Submitted by BSR
By: Aditi Mohapatra, Managing Director, BSR and Lauren Gula, Senior Manager, Social Sustainability & Women's Empowerment, United Nations Global Compact
This year marks the 10th anniversary of the launch of the Women’s Empowerment Principles (WEPs), a set of values based on international standards to guide business action to create more gender-equal workplaces.
Over the past decade, the business case for gender equality has expanded and deepened. For example, a 2019 study from S&P Global found that companies with female CEOs and CFOs produced superior stock performance, compared to the market average. In the 24 months post appointment, female CEOs helped drive a 20 percent increase in stock returns.
Gender-diverse workforces also help to attract talent, reduce turnover, and can contribute to building trust with clients and consumers. On a macro level, achieving gender equality could add upwards of US$12 trillion to the world’s economy. At the same time, we have seen increasing evidence highlighting the deeply entrenched and systemic barriers that women face in workplaces around the world, from violence and harassment to the unequal share of unpaid care and domestic work.
A new report from BSR and the United Nations Global Compact presents aggregate findings of the WEPs Gender Gap Analysis Tool, an online platform that has been used by more than 2,000 companies around the world since its launch in 2017 to anonymously assess their gender equality performance. Like the WEPs, the tool is holistic and considers the range of ways that companies can support women’s empowerment, from the representation of women in senior leadership, to ensuring equal pay for work of equal value, to respecting and supporting the rights of women workers in global supply chains. Here’s what we found:
1. Business is committed to advancing gender equality
When the WEPs launched in 2010, there was a lot of discussion about the business case for policies and programs aimed at creating workplaces that women and men can equally contribute to and benefit from. Companies were eager to be equipped with data that would prove return on investment and convince business leaders to make a top-level commitment to gender equality. Today, it is encouraging to see that over two-thirds of companies have a leadership commitment or demonstrate public support for gender equality and women’s empowerment. And the list of business leaders that have signed the CEO Statement of Support for the WEPs has grown from 39 in 2010 to over 2,700 today.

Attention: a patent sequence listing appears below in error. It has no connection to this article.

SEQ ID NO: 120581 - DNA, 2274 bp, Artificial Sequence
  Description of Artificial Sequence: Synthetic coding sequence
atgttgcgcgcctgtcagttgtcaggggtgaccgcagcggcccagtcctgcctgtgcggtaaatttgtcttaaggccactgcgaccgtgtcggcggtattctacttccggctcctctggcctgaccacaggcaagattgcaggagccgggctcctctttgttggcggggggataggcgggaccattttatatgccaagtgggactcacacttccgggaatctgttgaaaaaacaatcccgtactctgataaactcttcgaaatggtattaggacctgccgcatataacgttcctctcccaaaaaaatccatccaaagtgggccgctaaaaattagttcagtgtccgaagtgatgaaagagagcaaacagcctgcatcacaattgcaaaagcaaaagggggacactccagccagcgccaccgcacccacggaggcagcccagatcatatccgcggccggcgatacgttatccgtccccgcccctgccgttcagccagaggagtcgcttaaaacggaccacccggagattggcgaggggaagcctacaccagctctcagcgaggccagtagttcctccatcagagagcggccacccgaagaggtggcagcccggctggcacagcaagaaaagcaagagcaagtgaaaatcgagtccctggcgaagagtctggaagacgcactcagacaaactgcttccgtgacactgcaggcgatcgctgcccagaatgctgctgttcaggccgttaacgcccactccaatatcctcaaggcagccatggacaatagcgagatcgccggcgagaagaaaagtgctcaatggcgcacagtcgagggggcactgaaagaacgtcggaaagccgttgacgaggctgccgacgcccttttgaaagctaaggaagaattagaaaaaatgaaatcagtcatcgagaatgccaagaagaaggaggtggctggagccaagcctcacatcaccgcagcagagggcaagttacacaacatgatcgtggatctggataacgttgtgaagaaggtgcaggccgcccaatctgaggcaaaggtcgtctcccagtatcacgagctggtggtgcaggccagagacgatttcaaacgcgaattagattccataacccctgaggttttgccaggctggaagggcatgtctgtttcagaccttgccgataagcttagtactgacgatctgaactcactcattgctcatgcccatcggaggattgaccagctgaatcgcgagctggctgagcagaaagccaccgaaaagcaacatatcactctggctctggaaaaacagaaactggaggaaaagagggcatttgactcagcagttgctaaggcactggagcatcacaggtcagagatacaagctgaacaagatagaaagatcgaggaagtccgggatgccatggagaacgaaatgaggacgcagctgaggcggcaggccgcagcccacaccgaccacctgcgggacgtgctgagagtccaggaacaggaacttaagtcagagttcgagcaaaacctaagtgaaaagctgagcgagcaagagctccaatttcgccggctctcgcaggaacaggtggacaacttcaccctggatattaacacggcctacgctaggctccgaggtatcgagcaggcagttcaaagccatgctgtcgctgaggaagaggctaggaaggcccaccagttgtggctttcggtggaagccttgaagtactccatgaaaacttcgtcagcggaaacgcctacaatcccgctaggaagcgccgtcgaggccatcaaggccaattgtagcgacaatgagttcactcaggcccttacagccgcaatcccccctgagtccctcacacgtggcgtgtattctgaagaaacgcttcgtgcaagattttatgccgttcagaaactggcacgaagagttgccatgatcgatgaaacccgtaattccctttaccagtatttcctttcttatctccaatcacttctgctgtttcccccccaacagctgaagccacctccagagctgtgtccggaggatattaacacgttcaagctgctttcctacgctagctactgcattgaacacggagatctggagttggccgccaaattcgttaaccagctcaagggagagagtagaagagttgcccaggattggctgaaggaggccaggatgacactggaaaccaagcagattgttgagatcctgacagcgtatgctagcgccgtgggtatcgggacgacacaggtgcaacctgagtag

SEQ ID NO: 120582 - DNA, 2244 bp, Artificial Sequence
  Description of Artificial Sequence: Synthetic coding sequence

2. Translating business commitment to action remains a key challenge
While corporate support for gender equality is strong, businesses have yet to introduce specific policies, measurable targets, and robust accountability mechanisms to ensure progress. In fact, only 28 percentof companies include time-bound, measurable goals and targets on gender equality in their strategy, and even fewer companies report publicly on progress made and outcomes.
We can see the disconnect between commitment and implementation when we take a closer look at specific corporate practices. For example, while almost two-thirds of companies have a policy or a commitment for zero tolerance of all forms of violence at work, only 28 percent of companies provide annual training to promote this norm. Similarly, 67 percent of companies provide paid maternity and paternity leave, but only 21 percent track uptake of parental or care benefits, and only 9 percent report this data publicly. Only one-quarter of companies undertake a gender pay gap audit or evaluation, and only 15 percent disclose their gender pay gap.
3. Business can strengthen performance and contribution to gender equality by considering impacts across the value chain
Data from the WEPs Gender Gap Analysis Tool highlights key areas that have yet to receive adequate attention. For example, business has significant influence and reach to challenge negative gender stereotypes that are holding back progress. Yet, only 26 percent of companies have introduced a specific marketing policy or commitment to address the portrayal of gender stereotypes. Similarly, while engaging women entrepreneurs through inclusive procurement practices has a significant impact on economic growth, as well as business performance, only 3 percent of companies report on public spending on women-owned businesses.